1. Look into the customer’s eyes when he asks for a product or service. In other words, pay attention to the customer. How many times have you observed waiters milling about in the restaurant but seemingly not noticing the customer frantically waving his arm? Or the pharmacy assistant at the drugstore who looks down while customers crowd in the counter? Aside from paying attention, attend to the ustomer. It is not irritating to see a cashier chattering to a bagger at the supermarket checkout counter as if that were her main work and punching in your items just a sideline?

2. Don’t ask the customer for change when you have change in your cash box. Coins are extremely hard to get and it will take your customer sometime before she fishes them out of a huge bag. Meanwhile, other customers are impatiently waiting in line. And place the change, especially coins, in the customer’s hands. Of you place the coins in the counter for your customer to get, a lot of time is wasted as he takes them one by one.

3. Strive to offer the customer an alternative product or service if the one he is asking for is not available, when available, ask him if he would like to try some other style. Don’t just say “we don’t have it.” A customer wants to buy. Make it easy for him to do so. Otherwise, you won’t get a sale.

4. When the customer complains, take his complaint at face value and not think he is out to pull a fast one on you. There is, almost always, a valid reason for his complaint. Why should he make a fuss in the first place and put himself out of sorts for no reason?

5. Don’t make the customer feel she is a disturbance to your work. She is your work! When a customer asks for something and you happen to be busy with another customer, just acknowledge her presence cheerfully and say “I’ll be with you shortly” rather than say, “Wait a minute. I still have somethings to do.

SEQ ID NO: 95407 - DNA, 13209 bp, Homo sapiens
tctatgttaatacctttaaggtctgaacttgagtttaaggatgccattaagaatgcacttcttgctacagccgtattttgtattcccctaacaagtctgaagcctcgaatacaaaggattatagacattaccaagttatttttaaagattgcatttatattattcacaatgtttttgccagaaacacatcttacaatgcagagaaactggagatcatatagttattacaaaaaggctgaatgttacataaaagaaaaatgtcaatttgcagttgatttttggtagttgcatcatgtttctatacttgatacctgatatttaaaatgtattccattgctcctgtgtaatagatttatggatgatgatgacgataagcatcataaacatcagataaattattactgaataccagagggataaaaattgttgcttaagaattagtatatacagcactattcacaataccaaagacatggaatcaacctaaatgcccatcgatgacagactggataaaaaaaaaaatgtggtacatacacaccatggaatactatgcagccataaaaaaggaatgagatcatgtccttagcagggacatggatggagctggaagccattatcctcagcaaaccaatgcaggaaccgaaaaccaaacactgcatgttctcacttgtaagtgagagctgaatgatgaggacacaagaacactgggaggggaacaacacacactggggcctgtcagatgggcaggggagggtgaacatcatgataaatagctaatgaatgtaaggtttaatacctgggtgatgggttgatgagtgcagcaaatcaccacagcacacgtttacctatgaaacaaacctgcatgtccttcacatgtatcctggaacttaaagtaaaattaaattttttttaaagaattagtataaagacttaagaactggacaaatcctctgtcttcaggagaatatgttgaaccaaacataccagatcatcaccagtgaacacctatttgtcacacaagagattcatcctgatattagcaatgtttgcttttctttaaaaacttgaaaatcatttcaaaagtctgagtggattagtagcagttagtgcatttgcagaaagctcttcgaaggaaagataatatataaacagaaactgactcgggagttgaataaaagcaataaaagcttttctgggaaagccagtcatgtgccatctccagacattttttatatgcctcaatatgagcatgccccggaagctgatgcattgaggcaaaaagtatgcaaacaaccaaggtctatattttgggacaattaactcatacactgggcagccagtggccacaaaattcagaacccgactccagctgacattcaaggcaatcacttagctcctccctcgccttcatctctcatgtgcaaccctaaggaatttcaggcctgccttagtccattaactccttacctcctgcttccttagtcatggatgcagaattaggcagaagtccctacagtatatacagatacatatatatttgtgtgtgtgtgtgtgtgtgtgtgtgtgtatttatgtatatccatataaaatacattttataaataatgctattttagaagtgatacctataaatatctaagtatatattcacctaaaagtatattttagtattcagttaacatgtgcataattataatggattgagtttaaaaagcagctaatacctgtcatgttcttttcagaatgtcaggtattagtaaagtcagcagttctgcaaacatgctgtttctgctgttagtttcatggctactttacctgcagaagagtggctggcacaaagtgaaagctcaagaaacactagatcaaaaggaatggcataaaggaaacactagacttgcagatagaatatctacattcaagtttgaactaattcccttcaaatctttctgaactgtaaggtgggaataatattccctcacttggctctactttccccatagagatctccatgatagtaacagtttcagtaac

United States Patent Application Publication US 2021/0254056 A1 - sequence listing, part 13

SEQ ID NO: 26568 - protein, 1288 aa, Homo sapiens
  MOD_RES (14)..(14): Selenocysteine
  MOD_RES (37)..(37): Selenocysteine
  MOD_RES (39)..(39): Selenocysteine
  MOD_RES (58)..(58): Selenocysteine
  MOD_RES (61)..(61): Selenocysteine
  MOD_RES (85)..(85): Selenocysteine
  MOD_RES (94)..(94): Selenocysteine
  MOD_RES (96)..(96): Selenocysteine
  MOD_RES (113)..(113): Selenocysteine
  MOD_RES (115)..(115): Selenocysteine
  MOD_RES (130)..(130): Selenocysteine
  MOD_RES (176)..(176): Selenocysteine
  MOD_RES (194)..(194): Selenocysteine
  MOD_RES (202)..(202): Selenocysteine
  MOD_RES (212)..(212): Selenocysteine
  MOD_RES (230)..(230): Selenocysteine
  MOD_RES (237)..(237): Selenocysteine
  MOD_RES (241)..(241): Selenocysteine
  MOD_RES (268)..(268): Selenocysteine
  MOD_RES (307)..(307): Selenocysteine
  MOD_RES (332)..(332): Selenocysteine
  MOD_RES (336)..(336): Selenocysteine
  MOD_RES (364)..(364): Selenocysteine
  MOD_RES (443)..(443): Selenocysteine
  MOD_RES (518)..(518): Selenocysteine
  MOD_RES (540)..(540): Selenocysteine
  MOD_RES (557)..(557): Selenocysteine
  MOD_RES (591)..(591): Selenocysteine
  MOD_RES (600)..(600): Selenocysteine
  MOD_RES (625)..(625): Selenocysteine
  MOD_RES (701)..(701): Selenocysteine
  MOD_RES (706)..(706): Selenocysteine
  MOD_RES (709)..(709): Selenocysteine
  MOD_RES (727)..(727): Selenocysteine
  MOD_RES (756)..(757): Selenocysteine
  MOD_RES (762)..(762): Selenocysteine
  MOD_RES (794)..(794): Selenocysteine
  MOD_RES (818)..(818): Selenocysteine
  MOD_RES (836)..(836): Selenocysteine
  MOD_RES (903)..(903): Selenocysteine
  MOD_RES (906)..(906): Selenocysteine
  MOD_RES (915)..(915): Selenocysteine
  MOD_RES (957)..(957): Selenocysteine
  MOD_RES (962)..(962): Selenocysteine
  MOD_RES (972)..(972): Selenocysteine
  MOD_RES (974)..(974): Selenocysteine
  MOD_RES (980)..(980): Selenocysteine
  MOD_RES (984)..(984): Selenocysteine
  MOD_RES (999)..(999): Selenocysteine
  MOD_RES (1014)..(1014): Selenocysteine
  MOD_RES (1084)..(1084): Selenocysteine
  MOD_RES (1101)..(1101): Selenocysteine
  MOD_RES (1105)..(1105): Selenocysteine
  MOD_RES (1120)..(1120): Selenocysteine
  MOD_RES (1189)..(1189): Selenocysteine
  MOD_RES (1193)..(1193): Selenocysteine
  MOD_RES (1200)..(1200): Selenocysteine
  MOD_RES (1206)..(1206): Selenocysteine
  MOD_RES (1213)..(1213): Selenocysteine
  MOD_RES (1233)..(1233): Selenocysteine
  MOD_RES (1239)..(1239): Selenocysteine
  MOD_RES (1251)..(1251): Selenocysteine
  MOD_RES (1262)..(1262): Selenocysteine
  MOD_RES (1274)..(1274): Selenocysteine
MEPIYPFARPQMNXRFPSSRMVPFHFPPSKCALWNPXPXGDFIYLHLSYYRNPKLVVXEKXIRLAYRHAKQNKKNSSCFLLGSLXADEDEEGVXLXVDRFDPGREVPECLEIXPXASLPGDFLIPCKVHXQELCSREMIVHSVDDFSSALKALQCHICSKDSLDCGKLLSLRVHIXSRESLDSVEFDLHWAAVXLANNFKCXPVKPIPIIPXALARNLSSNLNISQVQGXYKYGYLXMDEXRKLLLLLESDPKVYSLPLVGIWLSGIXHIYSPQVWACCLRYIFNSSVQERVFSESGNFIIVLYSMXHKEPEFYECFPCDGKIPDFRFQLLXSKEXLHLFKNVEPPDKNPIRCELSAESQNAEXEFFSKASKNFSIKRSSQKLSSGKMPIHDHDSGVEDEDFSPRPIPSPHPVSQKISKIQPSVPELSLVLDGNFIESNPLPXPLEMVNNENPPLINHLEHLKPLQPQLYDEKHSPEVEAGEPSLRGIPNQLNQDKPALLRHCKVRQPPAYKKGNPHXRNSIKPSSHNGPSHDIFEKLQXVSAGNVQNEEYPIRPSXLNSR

On the other hand, here are some tips for treating salespersons with respect:

1. When they greet you, smile and greet back. It’s not a same to look them in the eye and show that you recognize them as persons and not doorkeepers.

2. When you are satisfied with their service, thank them. It will make their day. This is what is called psychic income. At least, even if they don’t get executive salaries, they wll get executive-type psychic income.

3. When you call their attention, do so with a smile. If they are busy with another customer, wait for your turn. Then, make your request.

4. If you have a complaint, explain the reason for your dissatisfaction calmly and point out clearly what you expect. When they address our complaint, show your appreciation.

5. If the salesperson does not treat you with respect, you have the freedom to leave the establishment and not buy their products or services. But do so quietly. Their declining sales figures will clearly show that they have not served their customers well.

Quality customer service gives companies the competitive edge they need to survive in this highly demanding market. On the other hand, being an excellent customer will give you more access to highly valuable products and services. With these practices, we can give customer service in the Philippines an excellent name.

Author: Regina Galang Reyes. First published in the Philippine Daily Inquirer January 23, 2002.

Photo credit: www.sxc.hu